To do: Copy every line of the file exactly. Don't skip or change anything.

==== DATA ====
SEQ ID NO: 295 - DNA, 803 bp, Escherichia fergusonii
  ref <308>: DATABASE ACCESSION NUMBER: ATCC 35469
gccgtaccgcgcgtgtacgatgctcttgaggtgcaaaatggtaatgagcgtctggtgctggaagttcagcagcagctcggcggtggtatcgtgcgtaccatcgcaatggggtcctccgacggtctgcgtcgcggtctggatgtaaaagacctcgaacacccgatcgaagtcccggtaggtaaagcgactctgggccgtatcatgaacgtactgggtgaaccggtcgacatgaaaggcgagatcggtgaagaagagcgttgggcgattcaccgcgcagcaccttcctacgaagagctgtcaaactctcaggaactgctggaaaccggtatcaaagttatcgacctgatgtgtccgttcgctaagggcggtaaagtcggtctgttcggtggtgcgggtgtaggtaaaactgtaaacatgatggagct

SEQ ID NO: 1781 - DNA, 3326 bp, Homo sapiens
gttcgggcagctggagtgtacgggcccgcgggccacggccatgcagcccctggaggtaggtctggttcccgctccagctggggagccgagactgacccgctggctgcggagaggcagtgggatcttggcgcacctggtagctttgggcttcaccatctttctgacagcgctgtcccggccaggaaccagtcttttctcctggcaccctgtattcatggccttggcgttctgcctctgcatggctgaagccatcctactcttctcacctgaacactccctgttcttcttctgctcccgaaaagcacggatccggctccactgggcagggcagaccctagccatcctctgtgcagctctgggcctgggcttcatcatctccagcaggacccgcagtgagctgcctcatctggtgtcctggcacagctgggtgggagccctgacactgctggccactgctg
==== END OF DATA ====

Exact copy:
SEQ ID NO: 295 - DNA, 803 bp, Escherichia fergusonii
  ref <308>: DATABASE ACCESSION NUMBER: ATCC 35469
gccgtaccgcgcgtgtacgatgctcttgaggtgcaaaatggtaatgagcgtctggtgctggaagttcagcagcagctcggcggtggtatcgtgcgtaccatcgcaatggggtcctccgacggtctgcgtcgcggtctggatgtaaaagacctcgaacacccgatcgaagtcccggtaggtaaagcgactctgggccgtatcatgaacgtactgggtgaaccggtcgacatgaaaggcgagatcggtgaagaagagcgttgggcgattcaccgcgcagcaccttcctacgaagagctgtcaaactctcaggaactgctggaaaccggtatcaaagttatcgacctgatgtgtccgttcgctaagggcggtaaagtcggtctgttcggtggtgcgggtgtaggtaaaactgtaaacatgatggagct

SEQ ID NO: 1781 - DNA, 3326 bp, Homo sapiens
gttcgggcagctggagtgtacgggcccgcgggccacggccatgcagcccctggaggtaggtctggttcccgctccagctggggagccgagactgacccgctggctgcggagaggcagtgggatcttggcgcacctggtagctttgggcttcaccatctttctgacagcgctgtcccggccaggaaccagtcttttctcctggcaccctgtattcatggccttggcgttctgcctctgcatggctgaagccatcctactcttctcacctgaacactccctgttcttcttctgctcccgaaaagcacggatccggctccactgggcagggcagaccctagccatcctctgtgcagctctgggcctgggcttcatcatctccagcaggacccgcagtgagctgcctcatctggtgtcctggcacagctgggtgggagccctgacactgctggccactgctg